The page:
Raising Tax Rates During Jobs Crisis is "Last Thing We Want to Do'

Statement

By:  Mitch McConnell
Date: Nov. 29, 2012
Location: Washington, DC

U.S. Senate Republican Leader Mitch McConnell made the following remarks on the Senate floor today regarding the need for the President to shelve his campaign talking points and present a specific economic plan to prevent the country from going over the Fiscal Cliff:

"Throughout the week, I've raised questions about the President's level of seriousness and engagement when it comes to resolving the short and long-term fiscal challenges we face. I've done this because, as I've said repeatedly, the President is the key to success in all this.

"So I'm hoping that when Secretary Geithner comes up to the Capitol today, he brings a specific plan from the President that the two parties could agree to for the good of the country.

"I hope to hear the administration's specific plans for protecting jobs and promoting economic growth for middle class Americans while reducing the debt by strengthening entitlements, reducing Washington spending, and preventing a tax hike on every American taxpayer.

"Until now, the White House has preferred talking points and an appeal to the hard-Left to a serious discussion about how we fix the economy, reduce the federal debt, and return the country to a path of growth and prosperity for all. They're stuck on the same tired slogans.

"And it's totally counterproductive. So this morning, I'd like to address one of these recurring talking points in a little more detail, in the hope that the White House puts it aside, and starts talking in a way that suggests they're actually serious over there about finding a solution.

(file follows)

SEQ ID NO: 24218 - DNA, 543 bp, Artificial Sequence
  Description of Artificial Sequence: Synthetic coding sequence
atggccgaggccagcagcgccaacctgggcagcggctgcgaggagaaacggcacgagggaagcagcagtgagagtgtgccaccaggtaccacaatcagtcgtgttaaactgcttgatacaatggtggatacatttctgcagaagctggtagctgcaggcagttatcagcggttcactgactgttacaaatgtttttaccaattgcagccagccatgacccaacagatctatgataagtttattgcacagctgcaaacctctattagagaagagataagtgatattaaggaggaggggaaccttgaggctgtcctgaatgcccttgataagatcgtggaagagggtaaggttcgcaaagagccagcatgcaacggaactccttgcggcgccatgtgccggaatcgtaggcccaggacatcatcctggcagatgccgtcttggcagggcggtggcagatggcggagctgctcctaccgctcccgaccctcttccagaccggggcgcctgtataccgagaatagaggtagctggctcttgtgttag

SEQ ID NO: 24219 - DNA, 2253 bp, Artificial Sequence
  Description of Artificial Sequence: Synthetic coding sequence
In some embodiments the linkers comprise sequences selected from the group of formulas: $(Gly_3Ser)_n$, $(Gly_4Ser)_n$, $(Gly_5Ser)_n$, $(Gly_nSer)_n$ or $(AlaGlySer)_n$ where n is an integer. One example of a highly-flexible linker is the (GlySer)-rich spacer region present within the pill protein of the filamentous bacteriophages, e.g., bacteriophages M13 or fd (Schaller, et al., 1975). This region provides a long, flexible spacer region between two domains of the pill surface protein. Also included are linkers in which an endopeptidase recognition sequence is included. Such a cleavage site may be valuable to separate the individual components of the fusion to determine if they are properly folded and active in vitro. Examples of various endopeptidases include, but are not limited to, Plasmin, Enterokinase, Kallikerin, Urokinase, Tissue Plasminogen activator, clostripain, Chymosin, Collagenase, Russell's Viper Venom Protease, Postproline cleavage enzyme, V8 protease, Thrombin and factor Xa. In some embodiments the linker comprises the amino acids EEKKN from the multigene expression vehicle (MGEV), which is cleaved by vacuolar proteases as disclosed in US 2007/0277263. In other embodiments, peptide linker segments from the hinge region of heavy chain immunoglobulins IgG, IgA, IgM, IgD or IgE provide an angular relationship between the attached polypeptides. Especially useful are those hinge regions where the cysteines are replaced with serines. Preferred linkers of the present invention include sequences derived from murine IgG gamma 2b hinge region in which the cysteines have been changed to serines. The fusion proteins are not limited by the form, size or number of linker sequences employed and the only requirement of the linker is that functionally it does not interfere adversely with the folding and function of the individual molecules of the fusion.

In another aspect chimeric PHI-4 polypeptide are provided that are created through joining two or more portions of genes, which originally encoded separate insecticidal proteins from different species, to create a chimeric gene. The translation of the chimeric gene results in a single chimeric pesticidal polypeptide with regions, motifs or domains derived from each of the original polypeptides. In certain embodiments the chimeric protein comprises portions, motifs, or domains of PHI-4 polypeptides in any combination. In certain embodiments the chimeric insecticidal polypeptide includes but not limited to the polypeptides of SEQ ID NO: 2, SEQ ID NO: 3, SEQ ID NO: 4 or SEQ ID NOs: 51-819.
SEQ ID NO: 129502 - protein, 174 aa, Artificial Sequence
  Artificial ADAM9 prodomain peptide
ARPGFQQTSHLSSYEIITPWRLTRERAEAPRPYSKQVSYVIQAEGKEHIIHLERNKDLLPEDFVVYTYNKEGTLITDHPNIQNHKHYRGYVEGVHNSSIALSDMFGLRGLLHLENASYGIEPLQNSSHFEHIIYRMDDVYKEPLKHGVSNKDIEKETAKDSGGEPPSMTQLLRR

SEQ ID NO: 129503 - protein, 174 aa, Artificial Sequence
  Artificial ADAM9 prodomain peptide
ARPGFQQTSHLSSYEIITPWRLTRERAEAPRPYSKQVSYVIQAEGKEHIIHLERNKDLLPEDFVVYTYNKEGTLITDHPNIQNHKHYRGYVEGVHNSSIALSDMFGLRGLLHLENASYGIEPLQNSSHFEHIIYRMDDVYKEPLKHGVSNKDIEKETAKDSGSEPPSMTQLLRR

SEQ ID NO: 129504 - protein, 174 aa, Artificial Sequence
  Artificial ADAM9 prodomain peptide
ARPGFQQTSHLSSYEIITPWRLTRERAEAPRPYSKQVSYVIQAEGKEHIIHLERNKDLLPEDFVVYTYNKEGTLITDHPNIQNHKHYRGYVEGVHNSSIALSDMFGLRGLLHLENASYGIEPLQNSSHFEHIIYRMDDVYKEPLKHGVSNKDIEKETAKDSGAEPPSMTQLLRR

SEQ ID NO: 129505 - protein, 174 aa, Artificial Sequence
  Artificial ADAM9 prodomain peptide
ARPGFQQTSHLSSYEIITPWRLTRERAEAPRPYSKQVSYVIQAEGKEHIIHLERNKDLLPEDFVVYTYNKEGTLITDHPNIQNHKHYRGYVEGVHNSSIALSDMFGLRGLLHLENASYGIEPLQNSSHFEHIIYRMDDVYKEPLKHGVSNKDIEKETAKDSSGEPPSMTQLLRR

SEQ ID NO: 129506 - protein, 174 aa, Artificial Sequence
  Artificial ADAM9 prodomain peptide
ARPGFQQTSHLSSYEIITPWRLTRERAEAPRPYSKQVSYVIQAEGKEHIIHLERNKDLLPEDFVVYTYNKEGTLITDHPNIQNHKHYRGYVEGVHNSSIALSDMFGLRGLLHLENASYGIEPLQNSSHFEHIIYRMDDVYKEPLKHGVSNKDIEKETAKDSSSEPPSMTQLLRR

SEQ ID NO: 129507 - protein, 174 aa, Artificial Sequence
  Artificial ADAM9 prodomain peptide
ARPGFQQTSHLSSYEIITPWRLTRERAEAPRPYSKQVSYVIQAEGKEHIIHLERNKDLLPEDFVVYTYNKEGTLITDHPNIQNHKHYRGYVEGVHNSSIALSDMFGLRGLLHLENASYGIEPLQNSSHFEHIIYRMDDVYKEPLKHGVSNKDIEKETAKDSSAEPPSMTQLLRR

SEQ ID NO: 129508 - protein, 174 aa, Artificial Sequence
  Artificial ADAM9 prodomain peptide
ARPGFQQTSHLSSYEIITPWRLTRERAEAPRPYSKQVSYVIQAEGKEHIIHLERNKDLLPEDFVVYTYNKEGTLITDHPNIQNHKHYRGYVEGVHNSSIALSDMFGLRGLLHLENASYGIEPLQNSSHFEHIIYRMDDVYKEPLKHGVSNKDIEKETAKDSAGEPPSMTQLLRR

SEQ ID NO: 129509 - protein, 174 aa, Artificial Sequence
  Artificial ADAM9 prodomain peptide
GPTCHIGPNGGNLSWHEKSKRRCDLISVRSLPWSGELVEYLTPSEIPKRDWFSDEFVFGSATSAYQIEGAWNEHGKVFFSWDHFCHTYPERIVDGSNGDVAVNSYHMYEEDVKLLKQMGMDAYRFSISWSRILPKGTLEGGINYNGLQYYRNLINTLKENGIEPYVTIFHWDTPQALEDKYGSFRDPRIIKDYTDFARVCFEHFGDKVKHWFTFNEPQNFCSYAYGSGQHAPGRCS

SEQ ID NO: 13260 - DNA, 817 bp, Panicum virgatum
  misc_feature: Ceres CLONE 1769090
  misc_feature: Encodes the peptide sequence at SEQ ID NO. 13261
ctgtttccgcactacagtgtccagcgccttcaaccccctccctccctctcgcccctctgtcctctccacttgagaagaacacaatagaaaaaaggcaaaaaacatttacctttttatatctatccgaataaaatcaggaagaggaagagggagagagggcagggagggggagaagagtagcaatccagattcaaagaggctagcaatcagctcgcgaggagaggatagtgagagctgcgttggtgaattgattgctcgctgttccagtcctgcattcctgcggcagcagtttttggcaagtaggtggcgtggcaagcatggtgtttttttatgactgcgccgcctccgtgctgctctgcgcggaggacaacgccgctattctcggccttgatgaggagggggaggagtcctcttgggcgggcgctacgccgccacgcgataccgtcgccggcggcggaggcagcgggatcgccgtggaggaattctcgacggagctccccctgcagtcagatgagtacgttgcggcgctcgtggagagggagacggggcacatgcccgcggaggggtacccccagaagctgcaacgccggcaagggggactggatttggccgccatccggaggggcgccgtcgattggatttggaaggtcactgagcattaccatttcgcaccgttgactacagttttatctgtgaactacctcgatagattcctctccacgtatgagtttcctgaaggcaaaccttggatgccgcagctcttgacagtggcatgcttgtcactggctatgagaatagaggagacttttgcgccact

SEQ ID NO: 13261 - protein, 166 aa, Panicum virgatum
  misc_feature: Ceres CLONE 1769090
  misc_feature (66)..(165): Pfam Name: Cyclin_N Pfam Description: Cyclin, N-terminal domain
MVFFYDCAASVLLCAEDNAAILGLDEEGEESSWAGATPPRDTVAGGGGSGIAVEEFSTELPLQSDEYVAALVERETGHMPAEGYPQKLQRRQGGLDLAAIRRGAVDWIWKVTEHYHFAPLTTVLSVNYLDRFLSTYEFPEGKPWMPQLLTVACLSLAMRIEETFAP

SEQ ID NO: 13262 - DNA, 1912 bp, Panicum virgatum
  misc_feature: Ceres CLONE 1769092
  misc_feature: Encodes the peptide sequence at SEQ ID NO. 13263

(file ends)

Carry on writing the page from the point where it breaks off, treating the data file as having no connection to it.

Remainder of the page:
"I'm referring to the oft-repeated assertion by the White House and reporters alike that those of us who insist on not raising income tax rates on anybody are doing so to "protect the rich'. I assure you: that has nothing to do with it.

"Check the polling data: the super-rich vote for Democrats. We're not insisting on keeping tax rates where they are to protect some sliver of the electorate. We're insisting on keeping tax rates where they are, first and foremost, to protect jobs. And because we don't think government needs the money.

"The problem, as I've said, isn't that Washington taxes too little but that it spends too much. But if more revenue is the price that Democrats want to exact for supporting other necessary reforms, then we should at least agree that we do it in a way that doesn't cost jobs and dis-incentivize work, as we all know raising rates would do.

"A lot of people around here seem to have forgotten that we're still in the middle of a jobs crisis. I can tell you a lot of folks are hurting in Kentucky. National unemployment's still just a hair below eight percent, and millions of Americans are still looking for work. So if it's an iron law of economics that you get less of what you tax, why on earth would we want to raise taxes on work?

"Rates matter because they affect behavior. The higher the tax rate, the higher the disincentive to work.

"This isn't just Republican orthodoxy. It's basic economics. As the non-partisan Congressional Budget Office recently put it:

"Increasing revenues by raising marginal tax rates on labor would reduce people's incentive to work and therefore reduce the amount of labor supplied to the economy' which would, they go on to say, by itself "decrease output in the medium and long term.'

"In the middle of a jobs crisis, that's the last thing we want to do. Shouldn't we all agree on that?